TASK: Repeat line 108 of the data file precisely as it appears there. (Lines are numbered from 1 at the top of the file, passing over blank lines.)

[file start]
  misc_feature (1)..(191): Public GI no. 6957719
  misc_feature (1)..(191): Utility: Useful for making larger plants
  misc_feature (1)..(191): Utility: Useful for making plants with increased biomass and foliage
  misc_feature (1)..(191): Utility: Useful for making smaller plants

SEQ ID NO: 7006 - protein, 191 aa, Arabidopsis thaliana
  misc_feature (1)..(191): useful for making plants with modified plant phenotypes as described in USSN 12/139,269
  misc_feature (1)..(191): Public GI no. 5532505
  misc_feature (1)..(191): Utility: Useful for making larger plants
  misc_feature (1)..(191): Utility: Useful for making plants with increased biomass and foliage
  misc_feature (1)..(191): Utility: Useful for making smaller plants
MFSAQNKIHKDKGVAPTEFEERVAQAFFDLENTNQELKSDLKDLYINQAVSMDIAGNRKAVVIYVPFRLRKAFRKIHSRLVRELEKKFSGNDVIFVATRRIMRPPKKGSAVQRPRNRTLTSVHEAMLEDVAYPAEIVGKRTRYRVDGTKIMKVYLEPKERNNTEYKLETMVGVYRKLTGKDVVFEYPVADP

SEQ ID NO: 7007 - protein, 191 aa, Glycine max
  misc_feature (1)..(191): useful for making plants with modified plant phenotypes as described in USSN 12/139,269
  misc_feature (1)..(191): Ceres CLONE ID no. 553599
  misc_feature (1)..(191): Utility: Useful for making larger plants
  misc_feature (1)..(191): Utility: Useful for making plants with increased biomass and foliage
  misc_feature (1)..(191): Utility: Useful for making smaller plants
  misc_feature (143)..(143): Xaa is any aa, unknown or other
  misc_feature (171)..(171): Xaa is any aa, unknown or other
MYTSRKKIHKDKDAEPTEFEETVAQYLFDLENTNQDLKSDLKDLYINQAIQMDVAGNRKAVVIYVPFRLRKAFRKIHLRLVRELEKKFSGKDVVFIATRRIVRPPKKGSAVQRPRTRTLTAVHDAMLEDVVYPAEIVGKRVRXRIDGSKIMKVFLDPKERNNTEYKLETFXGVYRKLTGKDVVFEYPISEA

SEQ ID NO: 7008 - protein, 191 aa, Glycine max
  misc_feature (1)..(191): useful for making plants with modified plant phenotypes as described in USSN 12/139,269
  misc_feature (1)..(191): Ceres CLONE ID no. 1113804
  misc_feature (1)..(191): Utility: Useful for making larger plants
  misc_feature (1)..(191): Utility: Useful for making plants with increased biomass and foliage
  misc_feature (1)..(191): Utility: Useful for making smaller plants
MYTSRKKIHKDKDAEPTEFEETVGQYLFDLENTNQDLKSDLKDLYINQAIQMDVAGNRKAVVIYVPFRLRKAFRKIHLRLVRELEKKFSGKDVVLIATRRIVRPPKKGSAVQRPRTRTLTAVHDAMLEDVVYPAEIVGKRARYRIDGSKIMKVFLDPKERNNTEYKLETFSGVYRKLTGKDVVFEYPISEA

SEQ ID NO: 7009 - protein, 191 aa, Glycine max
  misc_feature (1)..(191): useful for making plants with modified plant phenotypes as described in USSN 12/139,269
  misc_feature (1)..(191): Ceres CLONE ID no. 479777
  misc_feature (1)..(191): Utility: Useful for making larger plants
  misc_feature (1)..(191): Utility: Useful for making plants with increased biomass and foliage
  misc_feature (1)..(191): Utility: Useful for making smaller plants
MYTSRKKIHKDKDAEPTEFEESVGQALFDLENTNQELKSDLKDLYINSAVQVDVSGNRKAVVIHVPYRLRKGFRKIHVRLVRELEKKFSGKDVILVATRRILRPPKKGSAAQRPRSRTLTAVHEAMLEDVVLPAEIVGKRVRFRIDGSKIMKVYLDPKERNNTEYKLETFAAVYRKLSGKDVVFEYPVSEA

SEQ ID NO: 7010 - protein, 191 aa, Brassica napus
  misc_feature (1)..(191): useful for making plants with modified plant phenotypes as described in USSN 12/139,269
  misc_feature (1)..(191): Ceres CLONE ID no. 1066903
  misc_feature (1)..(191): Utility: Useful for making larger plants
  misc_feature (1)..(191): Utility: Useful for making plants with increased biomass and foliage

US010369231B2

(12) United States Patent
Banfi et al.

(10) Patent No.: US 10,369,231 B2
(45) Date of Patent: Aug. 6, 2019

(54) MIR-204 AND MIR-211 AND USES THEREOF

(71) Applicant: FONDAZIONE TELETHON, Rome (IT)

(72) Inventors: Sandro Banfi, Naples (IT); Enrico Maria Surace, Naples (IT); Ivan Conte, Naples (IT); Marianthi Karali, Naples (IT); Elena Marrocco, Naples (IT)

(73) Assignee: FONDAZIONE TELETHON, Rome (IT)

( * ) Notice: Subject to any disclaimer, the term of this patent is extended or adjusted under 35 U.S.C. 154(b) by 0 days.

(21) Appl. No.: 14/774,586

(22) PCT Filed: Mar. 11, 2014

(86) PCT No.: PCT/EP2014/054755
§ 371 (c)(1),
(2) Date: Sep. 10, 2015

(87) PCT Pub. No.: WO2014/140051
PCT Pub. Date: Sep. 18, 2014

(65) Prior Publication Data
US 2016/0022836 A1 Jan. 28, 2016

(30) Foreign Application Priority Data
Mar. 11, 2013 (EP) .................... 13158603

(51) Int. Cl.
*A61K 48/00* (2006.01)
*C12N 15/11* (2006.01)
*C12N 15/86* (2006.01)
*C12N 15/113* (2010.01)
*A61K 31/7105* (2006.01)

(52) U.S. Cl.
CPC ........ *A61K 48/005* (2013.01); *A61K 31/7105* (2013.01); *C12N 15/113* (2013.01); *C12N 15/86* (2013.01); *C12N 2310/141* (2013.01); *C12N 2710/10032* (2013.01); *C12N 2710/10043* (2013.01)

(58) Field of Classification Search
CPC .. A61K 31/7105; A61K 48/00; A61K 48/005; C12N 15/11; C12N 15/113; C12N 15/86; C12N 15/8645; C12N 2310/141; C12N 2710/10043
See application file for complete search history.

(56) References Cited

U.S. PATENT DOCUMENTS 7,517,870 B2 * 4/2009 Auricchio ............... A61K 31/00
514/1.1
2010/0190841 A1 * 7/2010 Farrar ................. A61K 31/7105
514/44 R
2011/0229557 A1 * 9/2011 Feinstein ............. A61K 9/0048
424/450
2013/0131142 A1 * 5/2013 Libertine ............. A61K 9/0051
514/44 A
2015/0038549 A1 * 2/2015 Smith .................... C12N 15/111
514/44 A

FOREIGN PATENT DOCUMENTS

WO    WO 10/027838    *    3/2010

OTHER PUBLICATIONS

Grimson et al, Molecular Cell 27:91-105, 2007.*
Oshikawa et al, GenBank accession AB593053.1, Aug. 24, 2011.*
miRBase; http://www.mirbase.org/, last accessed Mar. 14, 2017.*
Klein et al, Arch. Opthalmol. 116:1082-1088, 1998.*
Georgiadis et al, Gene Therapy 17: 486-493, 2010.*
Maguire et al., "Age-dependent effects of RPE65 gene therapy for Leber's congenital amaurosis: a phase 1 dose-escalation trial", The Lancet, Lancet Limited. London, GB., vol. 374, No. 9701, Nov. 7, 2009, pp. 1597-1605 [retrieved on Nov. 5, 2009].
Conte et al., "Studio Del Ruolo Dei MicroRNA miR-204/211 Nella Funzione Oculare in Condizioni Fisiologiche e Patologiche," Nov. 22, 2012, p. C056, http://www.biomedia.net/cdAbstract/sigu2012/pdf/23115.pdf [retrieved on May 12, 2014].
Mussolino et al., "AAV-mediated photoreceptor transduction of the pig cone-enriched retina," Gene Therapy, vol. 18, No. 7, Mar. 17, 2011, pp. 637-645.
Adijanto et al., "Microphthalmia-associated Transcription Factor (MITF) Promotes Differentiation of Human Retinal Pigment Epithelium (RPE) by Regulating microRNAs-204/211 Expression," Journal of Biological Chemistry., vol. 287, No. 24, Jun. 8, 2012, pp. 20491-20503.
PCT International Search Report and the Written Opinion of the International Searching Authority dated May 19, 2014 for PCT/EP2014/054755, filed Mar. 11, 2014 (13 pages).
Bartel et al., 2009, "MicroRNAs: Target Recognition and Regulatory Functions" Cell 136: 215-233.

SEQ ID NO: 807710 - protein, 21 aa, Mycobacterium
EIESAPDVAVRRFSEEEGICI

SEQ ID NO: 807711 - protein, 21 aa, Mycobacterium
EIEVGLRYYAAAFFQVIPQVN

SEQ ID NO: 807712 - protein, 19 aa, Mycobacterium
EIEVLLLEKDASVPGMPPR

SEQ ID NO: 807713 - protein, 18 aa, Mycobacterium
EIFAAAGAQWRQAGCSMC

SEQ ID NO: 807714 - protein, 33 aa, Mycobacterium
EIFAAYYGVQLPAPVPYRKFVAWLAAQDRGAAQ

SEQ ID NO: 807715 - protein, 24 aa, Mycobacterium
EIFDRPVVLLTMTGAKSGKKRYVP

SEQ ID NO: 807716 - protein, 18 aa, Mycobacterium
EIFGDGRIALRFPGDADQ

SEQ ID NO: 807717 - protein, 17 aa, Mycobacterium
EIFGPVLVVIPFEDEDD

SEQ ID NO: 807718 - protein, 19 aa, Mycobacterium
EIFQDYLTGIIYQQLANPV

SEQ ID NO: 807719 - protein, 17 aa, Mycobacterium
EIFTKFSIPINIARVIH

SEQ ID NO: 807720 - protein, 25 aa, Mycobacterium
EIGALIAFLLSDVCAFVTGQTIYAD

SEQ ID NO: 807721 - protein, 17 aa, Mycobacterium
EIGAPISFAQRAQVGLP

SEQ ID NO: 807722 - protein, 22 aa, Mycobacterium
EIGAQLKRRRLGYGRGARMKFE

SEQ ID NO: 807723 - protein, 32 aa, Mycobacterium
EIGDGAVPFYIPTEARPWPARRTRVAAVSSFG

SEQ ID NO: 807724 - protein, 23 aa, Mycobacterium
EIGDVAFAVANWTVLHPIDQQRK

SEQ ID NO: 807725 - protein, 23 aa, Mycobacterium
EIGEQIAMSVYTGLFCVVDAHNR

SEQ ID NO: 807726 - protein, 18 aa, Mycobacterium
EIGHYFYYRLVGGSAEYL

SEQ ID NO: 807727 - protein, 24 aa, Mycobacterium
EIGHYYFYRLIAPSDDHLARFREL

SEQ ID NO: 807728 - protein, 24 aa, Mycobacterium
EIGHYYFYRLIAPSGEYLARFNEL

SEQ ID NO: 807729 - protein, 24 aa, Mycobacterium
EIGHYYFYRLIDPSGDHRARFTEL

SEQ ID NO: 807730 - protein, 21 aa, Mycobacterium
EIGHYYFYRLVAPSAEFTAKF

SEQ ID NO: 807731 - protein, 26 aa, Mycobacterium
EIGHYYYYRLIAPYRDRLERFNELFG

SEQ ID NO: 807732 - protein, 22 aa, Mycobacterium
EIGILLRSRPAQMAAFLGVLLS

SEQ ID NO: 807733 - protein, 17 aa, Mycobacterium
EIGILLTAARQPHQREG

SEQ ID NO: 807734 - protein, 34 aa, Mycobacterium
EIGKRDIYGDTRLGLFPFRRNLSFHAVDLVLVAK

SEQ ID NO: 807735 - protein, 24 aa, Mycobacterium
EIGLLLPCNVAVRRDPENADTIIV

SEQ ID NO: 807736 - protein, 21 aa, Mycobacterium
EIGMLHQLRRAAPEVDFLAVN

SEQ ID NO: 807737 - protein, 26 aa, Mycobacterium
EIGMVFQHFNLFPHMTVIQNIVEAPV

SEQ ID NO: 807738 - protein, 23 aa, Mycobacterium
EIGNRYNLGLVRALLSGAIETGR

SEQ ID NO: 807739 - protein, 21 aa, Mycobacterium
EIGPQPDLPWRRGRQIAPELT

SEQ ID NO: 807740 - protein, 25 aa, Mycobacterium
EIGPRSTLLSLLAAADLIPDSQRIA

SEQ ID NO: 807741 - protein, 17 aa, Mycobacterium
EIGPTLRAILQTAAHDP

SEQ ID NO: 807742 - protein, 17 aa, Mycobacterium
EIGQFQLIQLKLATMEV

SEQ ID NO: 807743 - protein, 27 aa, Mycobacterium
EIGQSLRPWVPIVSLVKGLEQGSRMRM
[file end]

EIFDRPVVLLTMTGAKSGKKRYVP